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story | Zula Badral, Managing Editor
photo | Zula Badral, Managing Editor
After moving to Singapore, I realized that the things I normally liked to do to indulge my vanity were way more expensive on this little island. This, compounded with the lack of a regulatory body for maintaining standard practices for people like aestheticians, nail technicians, beauticians, etc., made me extremely wary of risking my money, time, and body. The choice I faced was either to be less vain or to figure out how to do a few things myself. Obviously the former didn’t happen, so here are some budget beauty tips. Of course these all apply wherever you are in the world; maybe you’ll use some of these tips yourself!
Invest now, save later
For things that are offered as services (mani-pedis, brow shaping) invest in the proper equipment now and do them yourself! There is definitely a learning curve for these things, but as always, practice makes perfect. There are extremely thorough tutorials online for almost anything you could desire to do.
I never used to lack a manicure when I was in high school, but after a few poorly done and overpriced mani-pedis in Singapore, I bought a nipper, nail files, cuticle pusher, and a few polishes including a base and top coat. I have since upped my game by investing in a Gel LED lamp, to sidestep the issue of waiting for my nails to dry (which never worked because there’s always so much going on around campus). Below are a few examples of my finest creations!
The simplest gel manicure (nail cutting, shaping, buffing only) retails at around $21 at the nearest nail salon. If you want a cuticle trim, nail extensions and art, a single manicure can cost over $80. Assuming you actually continue using the products you invested in, many of which will last longer than five years, the upfront cost will be offset in less than five manicures!
Put in a few minutes every day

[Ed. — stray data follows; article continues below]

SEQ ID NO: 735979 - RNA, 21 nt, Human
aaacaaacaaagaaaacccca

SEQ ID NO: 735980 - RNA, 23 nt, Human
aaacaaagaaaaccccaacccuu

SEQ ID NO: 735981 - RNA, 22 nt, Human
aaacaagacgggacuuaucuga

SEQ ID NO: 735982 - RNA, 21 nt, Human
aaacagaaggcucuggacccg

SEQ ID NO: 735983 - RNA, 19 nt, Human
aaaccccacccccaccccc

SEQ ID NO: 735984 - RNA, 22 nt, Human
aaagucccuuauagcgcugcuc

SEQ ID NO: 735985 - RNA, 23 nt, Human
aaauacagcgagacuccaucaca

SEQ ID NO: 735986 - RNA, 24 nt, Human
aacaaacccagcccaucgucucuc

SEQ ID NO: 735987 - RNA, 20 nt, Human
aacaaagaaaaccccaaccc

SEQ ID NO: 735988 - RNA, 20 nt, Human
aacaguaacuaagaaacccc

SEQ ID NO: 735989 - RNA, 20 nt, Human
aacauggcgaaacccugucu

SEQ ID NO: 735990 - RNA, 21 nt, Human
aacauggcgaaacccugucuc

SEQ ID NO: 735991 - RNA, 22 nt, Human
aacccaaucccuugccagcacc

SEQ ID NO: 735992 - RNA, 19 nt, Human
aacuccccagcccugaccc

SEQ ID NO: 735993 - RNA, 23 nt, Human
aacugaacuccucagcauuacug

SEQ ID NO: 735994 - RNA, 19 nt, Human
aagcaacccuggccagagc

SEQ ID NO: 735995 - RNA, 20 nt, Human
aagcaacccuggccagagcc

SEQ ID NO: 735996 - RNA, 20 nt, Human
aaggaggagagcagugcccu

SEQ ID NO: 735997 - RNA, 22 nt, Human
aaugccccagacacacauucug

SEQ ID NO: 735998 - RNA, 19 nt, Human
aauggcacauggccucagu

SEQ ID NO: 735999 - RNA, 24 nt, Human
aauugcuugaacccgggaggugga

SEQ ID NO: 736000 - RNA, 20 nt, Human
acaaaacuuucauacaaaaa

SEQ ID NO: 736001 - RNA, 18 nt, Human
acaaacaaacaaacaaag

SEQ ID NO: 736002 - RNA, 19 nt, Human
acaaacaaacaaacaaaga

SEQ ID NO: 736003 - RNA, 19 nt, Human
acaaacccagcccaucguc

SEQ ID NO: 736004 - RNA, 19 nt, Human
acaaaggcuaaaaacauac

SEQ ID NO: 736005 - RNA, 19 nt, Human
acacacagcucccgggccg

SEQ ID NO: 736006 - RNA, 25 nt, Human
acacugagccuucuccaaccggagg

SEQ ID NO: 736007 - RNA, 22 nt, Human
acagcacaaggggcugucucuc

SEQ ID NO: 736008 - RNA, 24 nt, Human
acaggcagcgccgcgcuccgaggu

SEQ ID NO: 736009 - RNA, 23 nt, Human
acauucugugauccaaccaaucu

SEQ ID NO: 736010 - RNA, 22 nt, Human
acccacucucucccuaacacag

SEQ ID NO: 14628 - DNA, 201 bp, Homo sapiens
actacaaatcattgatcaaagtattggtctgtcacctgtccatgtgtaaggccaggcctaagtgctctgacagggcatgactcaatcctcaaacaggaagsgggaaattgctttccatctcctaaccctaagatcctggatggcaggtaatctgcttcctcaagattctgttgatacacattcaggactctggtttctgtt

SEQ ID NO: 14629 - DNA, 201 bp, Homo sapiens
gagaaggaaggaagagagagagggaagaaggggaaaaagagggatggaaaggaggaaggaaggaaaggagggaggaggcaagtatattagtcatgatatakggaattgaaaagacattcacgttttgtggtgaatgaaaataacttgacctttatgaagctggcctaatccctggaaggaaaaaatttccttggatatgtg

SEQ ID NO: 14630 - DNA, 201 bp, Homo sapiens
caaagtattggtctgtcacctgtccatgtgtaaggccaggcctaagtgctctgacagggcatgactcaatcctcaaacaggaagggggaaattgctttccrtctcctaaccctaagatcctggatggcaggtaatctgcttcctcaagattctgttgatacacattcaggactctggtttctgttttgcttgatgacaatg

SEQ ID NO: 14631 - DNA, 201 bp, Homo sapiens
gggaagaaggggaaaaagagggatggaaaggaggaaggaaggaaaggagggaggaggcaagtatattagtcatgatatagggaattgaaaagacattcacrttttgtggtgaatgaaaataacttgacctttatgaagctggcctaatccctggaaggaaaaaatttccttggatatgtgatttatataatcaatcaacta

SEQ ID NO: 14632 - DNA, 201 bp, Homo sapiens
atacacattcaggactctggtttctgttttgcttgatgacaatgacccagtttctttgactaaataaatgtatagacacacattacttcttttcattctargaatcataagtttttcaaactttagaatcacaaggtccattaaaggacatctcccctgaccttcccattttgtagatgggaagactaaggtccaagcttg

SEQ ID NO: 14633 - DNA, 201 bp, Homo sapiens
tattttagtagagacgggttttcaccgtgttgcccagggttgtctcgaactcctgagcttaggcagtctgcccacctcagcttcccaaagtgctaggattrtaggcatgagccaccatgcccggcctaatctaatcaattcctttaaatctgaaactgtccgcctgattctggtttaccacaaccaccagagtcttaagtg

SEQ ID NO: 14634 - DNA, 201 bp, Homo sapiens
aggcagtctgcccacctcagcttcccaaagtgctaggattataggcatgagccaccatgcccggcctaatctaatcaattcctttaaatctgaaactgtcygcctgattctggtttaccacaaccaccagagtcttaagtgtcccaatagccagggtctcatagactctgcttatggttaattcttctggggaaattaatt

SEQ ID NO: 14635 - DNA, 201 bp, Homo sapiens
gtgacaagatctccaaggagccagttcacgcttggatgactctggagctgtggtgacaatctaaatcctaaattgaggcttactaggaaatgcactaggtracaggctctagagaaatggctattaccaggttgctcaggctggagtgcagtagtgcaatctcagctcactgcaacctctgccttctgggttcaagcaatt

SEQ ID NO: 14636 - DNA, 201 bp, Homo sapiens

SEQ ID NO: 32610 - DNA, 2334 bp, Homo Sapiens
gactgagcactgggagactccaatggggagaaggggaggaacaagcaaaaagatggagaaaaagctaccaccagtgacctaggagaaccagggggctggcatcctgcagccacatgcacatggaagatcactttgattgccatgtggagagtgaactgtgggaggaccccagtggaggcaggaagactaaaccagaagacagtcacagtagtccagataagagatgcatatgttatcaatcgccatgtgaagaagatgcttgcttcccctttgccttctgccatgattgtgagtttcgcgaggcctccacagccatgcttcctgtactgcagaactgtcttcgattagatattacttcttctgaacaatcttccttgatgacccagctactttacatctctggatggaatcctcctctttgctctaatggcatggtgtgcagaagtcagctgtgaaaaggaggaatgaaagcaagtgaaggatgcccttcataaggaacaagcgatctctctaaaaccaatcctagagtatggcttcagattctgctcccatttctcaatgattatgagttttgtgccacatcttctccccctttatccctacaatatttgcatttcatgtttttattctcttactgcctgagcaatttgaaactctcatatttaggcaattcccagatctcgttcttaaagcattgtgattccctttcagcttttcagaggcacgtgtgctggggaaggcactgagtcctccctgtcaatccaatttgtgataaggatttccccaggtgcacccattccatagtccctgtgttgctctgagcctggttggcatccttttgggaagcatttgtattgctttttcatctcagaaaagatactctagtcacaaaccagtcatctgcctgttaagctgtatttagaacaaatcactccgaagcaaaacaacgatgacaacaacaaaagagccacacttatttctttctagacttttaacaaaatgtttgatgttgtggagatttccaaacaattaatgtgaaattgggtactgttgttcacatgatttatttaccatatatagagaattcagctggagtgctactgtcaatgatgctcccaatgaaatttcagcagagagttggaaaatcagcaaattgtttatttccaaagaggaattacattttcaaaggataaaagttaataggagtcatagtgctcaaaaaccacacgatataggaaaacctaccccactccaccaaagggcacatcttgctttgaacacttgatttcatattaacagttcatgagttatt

If you can’t get the hang of doing your nails or your eyebrows on your own every time, there are definitely things you can do to prolong the services you do pay for. If you regularly get your brows shaped, spending 30 seconds a day to pluck out pesky baby hairs will extend the time between visits to Browhaus. If you went for a manicure, using gloves when washing dishes or applying a fresh layer of top coat every 5-6 days will also extend it.
There’s always a cheaper dupe out there
If you find a product or color you like that is way out of your price range, simply googling “X PRODUCT Dupe” will help you find equivalent products at a much more manageable price.
Further, if you’ve noticed the influx of 2-in-1 or 3-in-1 products cropping up at the drugstore or in Sephora, then you’ll understand that the designation of “eyeshadow” or “lipstick” or “blush” is just an arbitrary one. These products are often made of the same ingredients, and just because something is called “eyeshadow” doesn’t mean it can’t make your highlight as on fleek as the four times more expensive product.
Case in point: I use the Ambient Strobe Lighting Powder in Euphoric ($59), but I also use the Sephora Colorful Eyeshadow in 74 Walking in the Sand ($17) as a highlight as well. I actually use the Sephora one more, and I like the color way better.
It all comes down to be willing to put attention and care into things. There’s definitely an opportunity cost—some people aren’t interested in being hyper-aware or critical of their appearance; others don’t have the time to thoroughly research a product’s reviews or learn how to draw a French tip. But if you’re interested and willing, these few tips may help you look your best while keeping track of your bottom line.